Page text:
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Covid-19: Doctors should not face investigation for refusing to see patients over lack of PPE, says indemnifier

BMJ 2020; 369 doi: https://doi.org/10.1136/bmj.m1788 (Published 30 April 2020) Cite this as: BMJ 2020;369:m1788

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  1. Abi Rimmer
  1. The BMJ

Doctors would not be held accountable if they decided not to see a patient because of inadequate personal protective equipment (PPE) and that patient subsequently came to harm, the Medical Protection Society (MPS) has said.

Doctors have consistently warned that they do not have the PPE they need.12

The MPS said that seeing a patient without proper PPE could pose a risk to doctors’ personal safety but that a doctor who decided to not see a patient because of inadequate PPE could be investigated by their employer or the General Medical Council if the patient subsequently came to harm. The defence body said that it was calling for urgent reassurance from the GMC and employers that doctors would not be subjected to regulatory or disciplinary action after a decision or outcome following poor PPE provision.

Rob Hendry, medical director at MPS, said, “Considering the daily challenge doctors continue to face on the supply and adequacy of PPE, through no fault of their own, it seems right and just that they are afforded immunity from investigations by their employer or the GMC if the patient came to harm. Of course, this does not apply to wilful or intentional criminal harm or reckless misconduct.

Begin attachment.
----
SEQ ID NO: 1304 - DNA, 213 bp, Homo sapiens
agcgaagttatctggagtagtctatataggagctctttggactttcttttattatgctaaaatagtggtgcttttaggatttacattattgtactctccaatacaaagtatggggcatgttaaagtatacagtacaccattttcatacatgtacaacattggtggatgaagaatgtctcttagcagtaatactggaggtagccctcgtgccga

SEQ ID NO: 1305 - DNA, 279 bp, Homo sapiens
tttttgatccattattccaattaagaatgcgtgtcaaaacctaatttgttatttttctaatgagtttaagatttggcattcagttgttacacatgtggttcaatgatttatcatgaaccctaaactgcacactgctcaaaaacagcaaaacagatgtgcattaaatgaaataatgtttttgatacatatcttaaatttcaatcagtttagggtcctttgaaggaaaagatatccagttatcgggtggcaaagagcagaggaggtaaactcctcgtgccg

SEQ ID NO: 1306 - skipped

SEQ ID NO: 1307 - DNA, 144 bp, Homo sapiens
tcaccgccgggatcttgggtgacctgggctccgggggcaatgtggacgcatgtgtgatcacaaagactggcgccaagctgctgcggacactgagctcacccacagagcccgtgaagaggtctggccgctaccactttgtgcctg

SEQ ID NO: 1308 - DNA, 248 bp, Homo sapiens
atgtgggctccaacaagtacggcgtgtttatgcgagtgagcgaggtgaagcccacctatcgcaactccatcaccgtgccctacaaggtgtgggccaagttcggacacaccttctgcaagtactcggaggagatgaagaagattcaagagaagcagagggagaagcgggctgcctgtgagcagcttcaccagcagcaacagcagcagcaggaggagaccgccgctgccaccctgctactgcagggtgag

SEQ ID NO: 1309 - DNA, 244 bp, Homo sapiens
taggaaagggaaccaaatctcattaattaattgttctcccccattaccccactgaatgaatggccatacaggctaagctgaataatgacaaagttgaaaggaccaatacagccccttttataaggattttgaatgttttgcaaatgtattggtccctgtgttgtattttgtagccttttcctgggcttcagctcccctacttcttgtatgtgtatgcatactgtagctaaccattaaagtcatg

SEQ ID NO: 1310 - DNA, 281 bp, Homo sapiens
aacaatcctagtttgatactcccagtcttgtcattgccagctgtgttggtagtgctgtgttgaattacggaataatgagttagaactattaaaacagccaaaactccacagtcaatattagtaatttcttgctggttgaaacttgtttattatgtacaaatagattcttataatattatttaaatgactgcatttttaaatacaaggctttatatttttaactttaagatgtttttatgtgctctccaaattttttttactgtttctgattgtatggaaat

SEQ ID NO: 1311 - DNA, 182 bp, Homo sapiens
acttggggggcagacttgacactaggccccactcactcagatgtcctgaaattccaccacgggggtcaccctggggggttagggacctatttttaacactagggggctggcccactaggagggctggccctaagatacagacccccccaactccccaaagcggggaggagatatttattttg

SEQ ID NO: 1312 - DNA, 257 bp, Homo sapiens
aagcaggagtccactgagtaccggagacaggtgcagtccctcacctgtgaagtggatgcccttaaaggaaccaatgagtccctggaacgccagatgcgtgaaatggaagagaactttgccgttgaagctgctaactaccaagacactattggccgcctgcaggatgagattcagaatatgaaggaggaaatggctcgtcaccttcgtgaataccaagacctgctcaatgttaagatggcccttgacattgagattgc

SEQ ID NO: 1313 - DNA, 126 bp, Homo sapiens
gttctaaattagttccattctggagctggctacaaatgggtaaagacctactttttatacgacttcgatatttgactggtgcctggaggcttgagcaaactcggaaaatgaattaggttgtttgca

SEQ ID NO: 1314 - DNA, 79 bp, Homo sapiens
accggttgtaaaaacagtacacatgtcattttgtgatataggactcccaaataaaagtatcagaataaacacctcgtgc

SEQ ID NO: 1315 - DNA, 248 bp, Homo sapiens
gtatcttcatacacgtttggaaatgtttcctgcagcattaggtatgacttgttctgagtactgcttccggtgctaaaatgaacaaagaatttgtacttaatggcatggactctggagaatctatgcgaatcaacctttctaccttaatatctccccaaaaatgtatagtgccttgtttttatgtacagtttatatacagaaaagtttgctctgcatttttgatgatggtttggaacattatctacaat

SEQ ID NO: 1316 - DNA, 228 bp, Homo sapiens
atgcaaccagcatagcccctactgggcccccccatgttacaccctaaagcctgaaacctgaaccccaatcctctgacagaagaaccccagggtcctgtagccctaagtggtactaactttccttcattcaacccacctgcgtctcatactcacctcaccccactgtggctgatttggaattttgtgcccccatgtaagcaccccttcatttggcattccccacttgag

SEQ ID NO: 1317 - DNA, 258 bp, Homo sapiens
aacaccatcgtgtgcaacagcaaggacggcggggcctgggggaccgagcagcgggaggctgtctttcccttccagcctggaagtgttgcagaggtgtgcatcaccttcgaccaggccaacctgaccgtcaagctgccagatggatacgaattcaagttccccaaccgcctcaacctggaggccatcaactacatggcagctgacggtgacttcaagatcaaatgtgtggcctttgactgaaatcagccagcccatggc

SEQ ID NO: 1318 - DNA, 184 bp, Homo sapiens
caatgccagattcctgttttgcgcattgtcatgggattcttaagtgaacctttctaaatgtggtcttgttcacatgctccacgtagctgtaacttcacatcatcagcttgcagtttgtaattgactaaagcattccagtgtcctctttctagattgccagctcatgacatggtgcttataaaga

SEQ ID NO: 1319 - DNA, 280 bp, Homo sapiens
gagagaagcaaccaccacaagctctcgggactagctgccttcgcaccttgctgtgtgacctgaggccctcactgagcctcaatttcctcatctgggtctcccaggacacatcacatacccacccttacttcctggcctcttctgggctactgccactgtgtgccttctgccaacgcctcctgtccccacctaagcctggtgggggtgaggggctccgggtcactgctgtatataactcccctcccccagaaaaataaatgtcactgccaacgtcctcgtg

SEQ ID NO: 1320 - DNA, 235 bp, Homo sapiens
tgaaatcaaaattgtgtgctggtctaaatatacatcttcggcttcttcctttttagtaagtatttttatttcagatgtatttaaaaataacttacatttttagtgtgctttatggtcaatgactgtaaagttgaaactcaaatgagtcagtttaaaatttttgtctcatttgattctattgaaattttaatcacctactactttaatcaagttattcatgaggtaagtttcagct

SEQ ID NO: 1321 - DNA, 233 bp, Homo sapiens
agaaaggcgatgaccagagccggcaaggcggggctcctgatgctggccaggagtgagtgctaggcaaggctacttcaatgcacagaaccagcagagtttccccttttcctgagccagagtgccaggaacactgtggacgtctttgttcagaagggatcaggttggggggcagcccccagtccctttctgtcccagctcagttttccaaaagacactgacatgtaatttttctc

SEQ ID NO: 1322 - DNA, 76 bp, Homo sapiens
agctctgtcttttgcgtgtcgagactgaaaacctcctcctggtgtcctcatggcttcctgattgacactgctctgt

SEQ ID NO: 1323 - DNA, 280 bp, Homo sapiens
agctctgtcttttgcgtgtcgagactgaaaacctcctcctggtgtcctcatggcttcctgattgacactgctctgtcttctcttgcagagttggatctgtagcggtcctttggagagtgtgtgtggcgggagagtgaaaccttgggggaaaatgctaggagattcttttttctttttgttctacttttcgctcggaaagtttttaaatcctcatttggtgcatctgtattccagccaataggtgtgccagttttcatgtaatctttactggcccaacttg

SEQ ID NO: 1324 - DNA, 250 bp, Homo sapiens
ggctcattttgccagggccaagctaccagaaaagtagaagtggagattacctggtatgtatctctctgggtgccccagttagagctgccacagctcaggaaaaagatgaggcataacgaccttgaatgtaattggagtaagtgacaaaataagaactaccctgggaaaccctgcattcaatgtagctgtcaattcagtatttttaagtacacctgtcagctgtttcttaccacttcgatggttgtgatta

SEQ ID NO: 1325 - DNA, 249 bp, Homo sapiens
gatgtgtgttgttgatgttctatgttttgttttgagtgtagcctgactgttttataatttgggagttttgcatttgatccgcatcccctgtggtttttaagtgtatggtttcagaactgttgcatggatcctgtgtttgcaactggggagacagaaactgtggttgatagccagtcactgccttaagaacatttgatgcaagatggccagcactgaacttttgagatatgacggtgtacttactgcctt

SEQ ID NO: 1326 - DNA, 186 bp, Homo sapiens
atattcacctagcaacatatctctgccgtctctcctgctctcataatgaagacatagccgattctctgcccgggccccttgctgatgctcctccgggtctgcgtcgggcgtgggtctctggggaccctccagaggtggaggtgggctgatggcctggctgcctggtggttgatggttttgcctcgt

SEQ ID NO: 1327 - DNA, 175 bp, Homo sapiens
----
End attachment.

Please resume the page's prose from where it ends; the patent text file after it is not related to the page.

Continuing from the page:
“We hope to see a statement of reassurance from the GMC and employers as a matter of urgency. Now more than eve, doctors need to know they are supported.”

A GMC spokesperson said, “This pandemic is an unprecedented challenge in which clinicians are balancing the imperative to provide care with concerns around their own safety and wellbeing. Doctors are making difficult decisions on a daily basis, and we trust them to continue to use their professional judgment to apply the principles in our guidance.

“If a concern was raised with us about a doctor’s actions we would need to look at the specifics, as we would any other concern referred to us. We’d also consider the context within which the doctor was working, including information about resources, guidelines, or protocols in place at the time.”

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